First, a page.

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Natchez Railway, A&K are separate groups

NATCHEZ — Natchez Railway, LLC Vice President Michael Van Wagenen wants Natchezians to know A&K Railroad Materials, Inc., the nation’s leading supplier of new and used railroad materials to short line railroads, “has no ownership, is not a parent company…(and) has no financial interest” in Natchez Railway.

But both companies involve a lot of the same people.

Van Wagenen said he is also general counsel of A&K and deals with other administrative details. According to the company’s Web site, he is also an A&K vice president.

Van Wagenen said his office is based in an A&K office building in Salt Lake City.

Van Wagenen said Kern Schumacher, the chairman of A&K, purchased the Natchez railroad with personal accounts and created Natchez Railway with intentions to operate the railway.

Schumacher works out of Lake Tahoe, Nev.

A&K President Rhonda Nicoloff is also a small owner in Natchez Railway, Van Wagenen said.

He said The Democrat’s May 17 report that Natchez officials met with A&K officials to discuss the railroad’s future was false.

“It was an error on the part of the reporter. A&K was never involved. It’s similar people involved,” Van Wagenen said.

Van Wagenen said purchasing the railroad is one of Schumacher’s numerous business ventures separate from A&K.

“Sometimes we buy railroads for sale. (We) saw some potential and that’s why we bought it,” Van Wagenen said.

Van Wagenen is also the vice president of V&S Railway, LLC, which operates two short line railroads in Kansas and one in Colorado.

Van Wagenen said the railroads in Kansas are profitable, and the railroad in Colorado “is not doing a lot (of business).”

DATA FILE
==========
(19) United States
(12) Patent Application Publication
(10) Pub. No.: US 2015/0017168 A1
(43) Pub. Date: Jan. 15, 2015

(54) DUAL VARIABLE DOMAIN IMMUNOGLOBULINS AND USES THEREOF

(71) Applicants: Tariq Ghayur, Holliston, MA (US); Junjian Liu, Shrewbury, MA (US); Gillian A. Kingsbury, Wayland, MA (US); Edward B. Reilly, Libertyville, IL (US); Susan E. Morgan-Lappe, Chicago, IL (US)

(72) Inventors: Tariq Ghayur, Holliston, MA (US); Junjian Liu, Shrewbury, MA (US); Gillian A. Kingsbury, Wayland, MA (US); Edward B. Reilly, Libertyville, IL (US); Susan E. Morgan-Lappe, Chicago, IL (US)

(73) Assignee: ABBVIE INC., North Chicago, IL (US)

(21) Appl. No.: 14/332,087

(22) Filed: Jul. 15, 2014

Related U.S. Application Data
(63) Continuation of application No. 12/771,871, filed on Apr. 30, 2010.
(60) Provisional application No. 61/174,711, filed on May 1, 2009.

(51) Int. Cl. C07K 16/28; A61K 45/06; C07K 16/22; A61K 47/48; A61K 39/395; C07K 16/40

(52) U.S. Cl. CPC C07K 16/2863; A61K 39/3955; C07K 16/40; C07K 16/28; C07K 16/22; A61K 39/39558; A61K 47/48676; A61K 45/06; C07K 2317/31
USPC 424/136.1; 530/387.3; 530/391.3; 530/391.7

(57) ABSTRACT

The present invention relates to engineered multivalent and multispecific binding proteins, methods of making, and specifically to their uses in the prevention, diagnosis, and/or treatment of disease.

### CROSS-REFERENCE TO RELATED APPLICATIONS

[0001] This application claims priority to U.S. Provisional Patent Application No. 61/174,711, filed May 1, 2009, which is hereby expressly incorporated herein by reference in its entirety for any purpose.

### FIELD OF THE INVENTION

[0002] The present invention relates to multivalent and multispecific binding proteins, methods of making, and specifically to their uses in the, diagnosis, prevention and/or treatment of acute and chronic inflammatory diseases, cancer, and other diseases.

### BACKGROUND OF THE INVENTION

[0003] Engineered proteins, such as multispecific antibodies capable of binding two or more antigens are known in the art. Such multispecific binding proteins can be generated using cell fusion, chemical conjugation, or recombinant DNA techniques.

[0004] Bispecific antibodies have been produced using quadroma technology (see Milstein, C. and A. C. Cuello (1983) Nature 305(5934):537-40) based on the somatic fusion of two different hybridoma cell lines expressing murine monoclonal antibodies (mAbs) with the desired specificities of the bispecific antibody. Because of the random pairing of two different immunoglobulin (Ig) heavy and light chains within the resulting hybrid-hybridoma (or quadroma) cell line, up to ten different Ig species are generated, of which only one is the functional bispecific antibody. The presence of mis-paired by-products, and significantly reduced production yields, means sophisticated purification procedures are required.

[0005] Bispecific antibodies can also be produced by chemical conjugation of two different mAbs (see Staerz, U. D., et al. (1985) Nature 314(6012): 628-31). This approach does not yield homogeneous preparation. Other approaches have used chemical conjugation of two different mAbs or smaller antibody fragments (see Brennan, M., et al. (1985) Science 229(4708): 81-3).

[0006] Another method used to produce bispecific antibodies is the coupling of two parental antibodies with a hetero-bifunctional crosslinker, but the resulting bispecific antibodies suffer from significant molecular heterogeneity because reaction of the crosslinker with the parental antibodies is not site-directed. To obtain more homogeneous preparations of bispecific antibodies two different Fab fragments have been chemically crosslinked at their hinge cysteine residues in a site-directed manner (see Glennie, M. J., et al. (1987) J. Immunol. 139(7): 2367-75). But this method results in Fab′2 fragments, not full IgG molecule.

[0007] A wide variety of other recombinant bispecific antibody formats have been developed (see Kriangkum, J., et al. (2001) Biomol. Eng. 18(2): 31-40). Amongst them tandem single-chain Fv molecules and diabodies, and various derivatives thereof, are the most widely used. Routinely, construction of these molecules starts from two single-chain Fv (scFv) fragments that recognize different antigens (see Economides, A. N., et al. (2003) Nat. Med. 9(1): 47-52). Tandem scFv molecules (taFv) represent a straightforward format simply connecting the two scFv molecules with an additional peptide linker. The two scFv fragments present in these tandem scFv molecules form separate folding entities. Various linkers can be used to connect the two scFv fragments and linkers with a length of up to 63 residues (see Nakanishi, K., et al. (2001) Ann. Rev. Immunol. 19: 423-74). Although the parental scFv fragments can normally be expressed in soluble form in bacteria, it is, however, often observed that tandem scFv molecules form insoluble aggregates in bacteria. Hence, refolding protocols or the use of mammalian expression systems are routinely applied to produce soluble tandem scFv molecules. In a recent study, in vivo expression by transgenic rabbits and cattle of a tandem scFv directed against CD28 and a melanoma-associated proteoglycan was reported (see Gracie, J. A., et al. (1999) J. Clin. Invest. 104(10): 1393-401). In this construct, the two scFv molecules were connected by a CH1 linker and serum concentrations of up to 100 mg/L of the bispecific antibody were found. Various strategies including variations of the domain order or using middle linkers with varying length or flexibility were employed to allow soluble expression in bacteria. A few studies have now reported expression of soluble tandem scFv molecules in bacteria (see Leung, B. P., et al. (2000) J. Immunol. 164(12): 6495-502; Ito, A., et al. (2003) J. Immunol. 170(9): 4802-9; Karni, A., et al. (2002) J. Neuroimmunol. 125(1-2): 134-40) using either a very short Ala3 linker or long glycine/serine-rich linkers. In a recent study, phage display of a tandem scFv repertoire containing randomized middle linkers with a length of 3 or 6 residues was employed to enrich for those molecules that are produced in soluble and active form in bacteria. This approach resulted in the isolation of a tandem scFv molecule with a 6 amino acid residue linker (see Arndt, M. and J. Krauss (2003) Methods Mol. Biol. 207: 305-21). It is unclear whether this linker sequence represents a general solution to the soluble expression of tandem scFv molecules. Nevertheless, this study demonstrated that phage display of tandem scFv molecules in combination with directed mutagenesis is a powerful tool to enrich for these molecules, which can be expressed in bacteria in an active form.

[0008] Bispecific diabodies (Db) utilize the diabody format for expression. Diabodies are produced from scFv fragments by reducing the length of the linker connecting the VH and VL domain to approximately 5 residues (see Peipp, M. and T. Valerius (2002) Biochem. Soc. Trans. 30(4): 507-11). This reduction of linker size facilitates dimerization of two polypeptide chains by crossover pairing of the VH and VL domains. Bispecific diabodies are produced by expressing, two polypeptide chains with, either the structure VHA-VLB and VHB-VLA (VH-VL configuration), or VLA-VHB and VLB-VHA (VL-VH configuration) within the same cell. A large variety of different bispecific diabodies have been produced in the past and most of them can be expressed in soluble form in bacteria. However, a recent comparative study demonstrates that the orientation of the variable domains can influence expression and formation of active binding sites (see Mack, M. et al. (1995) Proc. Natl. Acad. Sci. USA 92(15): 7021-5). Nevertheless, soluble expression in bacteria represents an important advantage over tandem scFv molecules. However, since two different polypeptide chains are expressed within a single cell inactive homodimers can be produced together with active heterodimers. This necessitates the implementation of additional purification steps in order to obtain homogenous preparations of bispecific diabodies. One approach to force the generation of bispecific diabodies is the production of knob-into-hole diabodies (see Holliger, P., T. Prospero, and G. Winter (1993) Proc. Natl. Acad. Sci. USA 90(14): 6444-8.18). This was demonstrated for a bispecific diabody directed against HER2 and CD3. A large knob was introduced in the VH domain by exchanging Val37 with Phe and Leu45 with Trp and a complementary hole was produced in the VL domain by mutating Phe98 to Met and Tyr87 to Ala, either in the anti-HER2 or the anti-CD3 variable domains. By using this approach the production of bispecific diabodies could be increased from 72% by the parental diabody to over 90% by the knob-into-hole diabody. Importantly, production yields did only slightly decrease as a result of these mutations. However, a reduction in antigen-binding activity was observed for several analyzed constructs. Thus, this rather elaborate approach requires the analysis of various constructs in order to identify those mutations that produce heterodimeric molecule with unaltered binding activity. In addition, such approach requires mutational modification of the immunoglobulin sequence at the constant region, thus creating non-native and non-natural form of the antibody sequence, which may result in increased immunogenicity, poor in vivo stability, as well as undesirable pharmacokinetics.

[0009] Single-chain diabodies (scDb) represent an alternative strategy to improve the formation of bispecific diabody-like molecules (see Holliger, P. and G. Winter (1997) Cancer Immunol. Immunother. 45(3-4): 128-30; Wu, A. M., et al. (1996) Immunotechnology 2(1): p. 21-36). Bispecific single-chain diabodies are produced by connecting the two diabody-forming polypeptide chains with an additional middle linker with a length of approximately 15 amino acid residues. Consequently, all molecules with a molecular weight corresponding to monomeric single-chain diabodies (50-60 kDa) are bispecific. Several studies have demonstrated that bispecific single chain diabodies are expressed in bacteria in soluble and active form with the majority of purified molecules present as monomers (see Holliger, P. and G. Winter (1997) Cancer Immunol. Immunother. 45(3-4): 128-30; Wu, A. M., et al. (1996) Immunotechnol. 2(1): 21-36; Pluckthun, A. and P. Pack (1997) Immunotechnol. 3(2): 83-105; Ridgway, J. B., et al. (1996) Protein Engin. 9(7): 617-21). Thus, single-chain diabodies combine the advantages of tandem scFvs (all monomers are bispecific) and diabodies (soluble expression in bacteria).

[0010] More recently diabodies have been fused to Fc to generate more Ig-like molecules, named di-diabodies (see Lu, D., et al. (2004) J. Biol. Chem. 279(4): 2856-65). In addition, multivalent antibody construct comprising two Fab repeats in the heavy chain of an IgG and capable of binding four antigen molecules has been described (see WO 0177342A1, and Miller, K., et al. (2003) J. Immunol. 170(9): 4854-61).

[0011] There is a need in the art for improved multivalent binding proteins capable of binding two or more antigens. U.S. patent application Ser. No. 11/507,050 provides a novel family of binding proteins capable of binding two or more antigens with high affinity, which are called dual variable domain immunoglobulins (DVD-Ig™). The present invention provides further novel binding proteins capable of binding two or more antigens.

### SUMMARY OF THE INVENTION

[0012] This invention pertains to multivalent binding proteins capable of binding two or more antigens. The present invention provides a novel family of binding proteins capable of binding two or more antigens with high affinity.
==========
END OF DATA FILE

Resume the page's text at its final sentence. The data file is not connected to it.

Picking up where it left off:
Van Wagenen said in a June 2009 news release, “First, let us put everyone at ease and dispel some misconceptions about Grenada Railway & Natchez Railway. These railroad companies are not subsidiaries of A&K Railroad Materials, Inc. … These railroad companies do share common ownership with A&K, but each are separate and independent business units. Our intent in purchasing these lines from Canadian National is not to abandon these lines and salvage the rail and other materials, but rather we plan to do the exact opposite. … We intend to turn each line into a profitable and healthy railroad for many years to come.”

Van Wagenen said when Natchez Railway bought the railroad from Canadian National last year, the contract included a clause saying the rail line must stay operational for a minimum of two years.

He said he thinks CN included the clause to ease the public’s concern about the possibility of A&K abandoning the rail and scrapping its parts.

Van Wagenen said CN officials petitioned to abandon the railroad five years ago, before Gov. Haley Barbour convinced them not to, which might have contributed to the precautions CN took in the contract.

However, Van Wagenen said the clause might have increased the public’s concern by giving the impression Natchez Railway planned to scrap the railroad after two years — which he said is not the case.